Yongming, as the occasion required, taught using both Zen and Pure Land methods of instruction. Like the Fayan school's founder, Fayan Wenyi, Yongming's syncretic method of instruction presaged the wide dilution of Zen with other Buddhist schools that occurred as the Song dynasty proceeded. A huge congregation gathered around him, and in his own era he was called an incarnation of Maitreya Bodhisattva. He worked closely with leaders of the Faxiang, Huayan, and Tiantai Buddhist sects to assemble the records and writings of more than two hundred famous Indian and Chinese Buddhist teachers.184 The king of Korea paid tribute to these texts by sending Yongming various gifts. He also dispatched thirty-six monks to Hangzhou to study under this eminent teacher. Each of these foreign monks is said to have received Yanshou's Dharma seal and then returned to Korea, extending the teachings of the Fayan school into that country.
Zen master Yongming Yanshou addressed the monks, saying, “This place, Xuedou, has erupted eight thousand feet into the air and the earth has turned into slippery grain, stacked in a freakish eighty-thousand-foot peak. You have absolutely nothing firm upon which to stand. In what direction will you step forward?”
A monk asked Yongming, “How can one walk upon the path of Xuedou?”
Yanshou said, “Step by step through the wondrous cold landscape; words entirely frozen.”
Yongming recited the following verse:
Amid the high peaks a forlorn ape cries down to the moon.
The recluse chants while half the night candle burns.
Who comprehends this place and time?
At a place deep within white clouds, a Zen monk sits.
A monk asked, “What is Yongming's wondrous mystery?”
Yanshou said, “Add more incense.”
The monk said, “Thank you, Master, for your instruction.”
Yanshou said, “So you're satisfied and don't want to delve deeper?”
The monk bowed.
Yanshou said, “Listen to this verse:
If you desire to know Yongming's mystery,
Before the gate is the lake's surface.185
The sun illuminates all life.
The wind arises and waves come up.”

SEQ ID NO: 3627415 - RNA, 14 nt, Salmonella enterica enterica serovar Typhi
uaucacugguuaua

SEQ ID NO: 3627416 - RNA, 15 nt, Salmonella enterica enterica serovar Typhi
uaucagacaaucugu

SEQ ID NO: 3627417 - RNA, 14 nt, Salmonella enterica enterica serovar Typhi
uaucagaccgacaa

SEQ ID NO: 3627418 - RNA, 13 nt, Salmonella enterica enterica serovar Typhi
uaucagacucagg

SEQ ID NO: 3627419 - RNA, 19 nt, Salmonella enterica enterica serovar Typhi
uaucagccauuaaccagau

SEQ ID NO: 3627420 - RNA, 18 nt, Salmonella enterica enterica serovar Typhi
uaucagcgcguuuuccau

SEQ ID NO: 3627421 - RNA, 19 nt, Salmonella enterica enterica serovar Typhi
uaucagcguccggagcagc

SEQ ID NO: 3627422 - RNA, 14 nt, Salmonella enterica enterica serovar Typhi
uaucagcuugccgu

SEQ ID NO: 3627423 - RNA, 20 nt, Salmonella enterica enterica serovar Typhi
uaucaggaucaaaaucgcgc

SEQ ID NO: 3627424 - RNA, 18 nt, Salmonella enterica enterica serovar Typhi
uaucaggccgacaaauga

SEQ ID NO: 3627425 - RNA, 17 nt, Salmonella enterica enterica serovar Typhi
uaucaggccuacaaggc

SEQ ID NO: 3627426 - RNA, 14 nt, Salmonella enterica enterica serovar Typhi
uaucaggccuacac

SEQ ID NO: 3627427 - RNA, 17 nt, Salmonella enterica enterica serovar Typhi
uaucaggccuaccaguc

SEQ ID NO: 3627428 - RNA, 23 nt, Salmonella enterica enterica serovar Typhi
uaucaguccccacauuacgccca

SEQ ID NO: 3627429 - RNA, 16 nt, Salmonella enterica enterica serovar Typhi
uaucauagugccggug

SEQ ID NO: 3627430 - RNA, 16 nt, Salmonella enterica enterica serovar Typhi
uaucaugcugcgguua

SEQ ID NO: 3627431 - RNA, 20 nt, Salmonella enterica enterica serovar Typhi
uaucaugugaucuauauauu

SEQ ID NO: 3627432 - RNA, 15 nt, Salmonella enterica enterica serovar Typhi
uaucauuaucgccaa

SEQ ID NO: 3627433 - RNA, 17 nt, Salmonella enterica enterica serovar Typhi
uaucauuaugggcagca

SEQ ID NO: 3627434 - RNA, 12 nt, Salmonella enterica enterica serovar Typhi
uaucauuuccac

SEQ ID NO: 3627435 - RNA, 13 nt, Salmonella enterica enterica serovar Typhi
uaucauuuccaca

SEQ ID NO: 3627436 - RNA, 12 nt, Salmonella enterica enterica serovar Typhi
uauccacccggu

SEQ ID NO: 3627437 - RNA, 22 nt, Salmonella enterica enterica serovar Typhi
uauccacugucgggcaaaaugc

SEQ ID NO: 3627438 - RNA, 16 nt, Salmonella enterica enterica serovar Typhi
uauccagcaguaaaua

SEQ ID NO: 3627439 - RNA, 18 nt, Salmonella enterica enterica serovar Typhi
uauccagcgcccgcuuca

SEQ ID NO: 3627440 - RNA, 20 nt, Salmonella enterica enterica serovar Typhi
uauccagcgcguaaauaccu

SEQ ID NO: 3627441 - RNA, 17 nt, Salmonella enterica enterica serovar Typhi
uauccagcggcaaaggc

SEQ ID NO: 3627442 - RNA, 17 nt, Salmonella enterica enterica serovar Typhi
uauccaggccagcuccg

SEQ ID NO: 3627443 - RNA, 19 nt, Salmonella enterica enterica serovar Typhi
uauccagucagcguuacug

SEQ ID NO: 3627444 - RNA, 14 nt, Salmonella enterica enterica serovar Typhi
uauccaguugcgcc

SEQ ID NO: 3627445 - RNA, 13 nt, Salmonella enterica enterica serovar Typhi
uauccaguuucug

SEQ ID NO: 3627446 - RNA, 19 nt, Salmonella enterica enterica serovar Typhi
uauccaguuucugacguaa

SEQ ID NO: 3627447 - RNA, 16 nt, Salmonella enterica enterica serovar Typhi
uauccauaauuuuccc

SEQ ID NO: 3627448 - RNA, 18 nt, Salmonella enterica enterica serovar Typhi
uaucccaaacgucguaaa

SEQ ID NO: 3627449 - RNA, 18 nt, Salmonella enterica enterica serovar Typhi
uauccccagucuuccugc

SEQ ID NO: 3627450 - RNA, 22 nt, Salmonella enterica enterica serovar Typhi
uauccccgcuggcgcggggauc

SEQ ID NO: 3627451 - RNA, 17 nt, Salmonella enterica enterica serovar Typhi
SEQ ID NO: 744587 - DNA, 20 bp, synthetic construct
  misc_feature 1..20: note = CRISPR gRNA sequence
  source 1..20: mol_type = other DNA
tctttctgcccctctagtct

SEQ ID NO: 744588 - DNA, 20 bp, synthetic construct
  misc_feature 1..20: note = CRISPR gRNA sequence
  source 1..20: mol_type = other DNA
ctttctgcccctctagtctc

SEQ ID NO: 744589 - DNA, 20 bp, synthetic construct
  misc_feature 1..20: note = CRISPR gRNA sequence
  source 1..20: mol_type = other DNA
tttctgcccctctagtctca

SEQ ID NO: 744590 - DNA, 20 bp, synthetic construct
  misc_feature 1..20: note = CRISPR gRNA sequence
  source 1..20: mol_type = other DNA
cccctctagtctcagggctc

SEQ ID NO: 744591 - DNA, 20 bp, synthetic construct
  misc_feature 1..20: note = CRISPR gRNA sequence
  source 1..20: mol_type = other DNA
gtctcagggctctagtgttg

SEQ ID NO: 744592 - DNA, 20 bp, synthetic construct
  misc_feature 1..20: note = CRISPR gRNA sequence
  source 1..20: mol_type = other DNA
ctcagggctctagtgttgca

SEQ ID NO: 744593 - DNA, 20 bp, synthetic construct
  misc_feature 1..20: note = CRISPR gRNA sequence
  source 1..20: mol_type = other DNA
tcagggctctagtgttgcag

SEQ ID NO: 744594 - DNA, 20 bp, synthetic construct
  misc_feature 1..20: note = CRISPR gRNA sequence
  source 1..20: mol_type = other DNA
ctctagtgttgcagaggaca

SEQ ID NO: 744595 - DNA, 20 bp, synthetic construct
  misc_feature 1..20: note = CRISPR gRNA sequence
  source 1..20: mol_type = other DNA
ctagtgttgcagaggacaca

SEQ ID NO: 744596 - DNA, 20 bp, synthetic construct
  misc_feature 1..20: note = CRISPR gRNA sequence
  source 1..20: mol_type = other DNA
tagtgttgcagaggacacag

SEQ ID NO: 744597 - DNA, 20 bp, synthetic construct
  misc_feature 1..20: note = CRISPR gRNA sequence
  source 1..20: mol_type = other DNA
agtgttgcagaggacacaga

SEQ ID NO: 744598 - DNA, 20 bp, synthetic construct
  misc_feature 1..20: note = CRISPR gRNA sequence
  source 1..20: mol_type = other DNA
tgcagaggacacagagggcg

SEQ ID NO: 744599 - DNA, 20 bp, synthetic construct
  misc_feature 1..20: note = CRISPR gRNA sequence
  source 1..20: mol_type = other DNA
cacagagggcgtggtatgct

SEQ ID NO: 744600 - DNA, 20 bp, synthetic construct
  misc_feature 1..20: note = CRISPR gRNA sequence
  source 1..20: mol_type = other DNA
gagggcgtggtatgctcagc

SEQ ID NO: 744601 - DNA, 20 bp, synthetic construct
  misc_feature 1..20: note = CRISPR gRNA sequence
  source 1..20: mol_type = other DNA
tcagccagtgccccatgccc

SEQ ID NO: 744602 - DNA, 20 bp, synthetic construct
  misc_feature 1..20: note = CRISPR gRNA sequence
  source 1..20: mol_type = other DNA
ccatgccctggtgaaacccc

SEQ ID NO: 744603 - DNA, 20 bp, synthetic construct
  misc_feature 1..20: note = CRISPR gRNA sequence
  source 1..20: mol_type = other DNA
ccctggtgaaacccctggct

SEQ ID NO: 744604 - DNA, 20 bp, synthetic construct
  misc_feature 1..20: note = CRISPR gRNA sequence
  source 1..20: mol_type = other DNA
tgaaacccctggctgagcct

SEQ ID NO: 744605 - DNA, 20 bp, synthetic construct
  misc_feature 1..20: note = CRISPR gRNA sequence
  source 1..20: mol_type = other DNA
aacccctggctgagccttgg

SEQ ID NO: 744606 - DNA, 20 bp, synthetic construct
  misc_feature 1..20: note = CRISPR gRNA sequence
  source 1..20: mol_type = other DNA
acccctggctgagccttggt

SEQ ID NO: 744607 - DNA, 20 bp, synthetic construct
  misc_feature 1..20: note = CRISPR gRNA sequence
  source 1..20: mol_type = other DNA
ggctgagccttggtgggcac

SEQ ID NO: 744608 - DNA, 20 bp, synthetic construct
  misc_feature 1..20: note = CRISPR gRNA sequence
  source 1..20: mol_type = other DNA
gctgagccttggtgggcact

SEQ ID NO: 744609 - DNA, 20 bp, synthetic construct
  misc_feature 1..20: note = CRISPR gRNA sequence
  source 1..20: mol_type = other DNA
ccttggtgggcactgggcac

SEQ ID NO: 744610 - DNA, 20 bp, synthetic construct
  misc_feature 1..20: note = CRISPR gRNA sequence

A monk asked, “This student has long been here at Yongming. Why can't I understand the style of the Yongming House?”
Yongming said, “You can understand the place you don't understand.”
The monk said, “How can I understand what I don't understand?”
Yongming said, “An ox gives birth to an elephant. The blue sea gives rise to red dust.”
A monk asked, “Our tradition has the saying, ‘All the buddhas and their teachings come forth from this scripture.' What is ‘this scripture'?”
Yongming said, “Without intention or sound it is endlessly recited.”
The monk asked, “How does one receive and uphold it?”
Yongming said, “Those who want to receive and uphold it must look and listen.”
A monk asked, “What is the great perfect mirror?”
Yongming said, “A broken dish of sand.”
During the twelfth month of [the year 975], Yongming became ill. Two days later he bade the monks farewell. Sitting cross-legged in an upright position, he passed away. His stupa was placed on Dazi [“Great Compassion”] Mountain.
六祖 杭州永明 延壽大師 (904-975), 唐末五代僧
The Axiom of the One-Mind: Li (“Principle”) and Yongming Yanshou's Ontological Paradigm
MA Thesis by Keenan W. Cox
McMaster University, Hamilton, Ontario, 2014
Zen Lore from the Source Mirror
compiled by Zen Master Yen-shou
Translated by J. C. Cleary
N.p.: Nanyang Books, 1979. 36 p.
Commentaries on the 98th scroll of the Zongjing lu by Zen master Yanshou (904-975).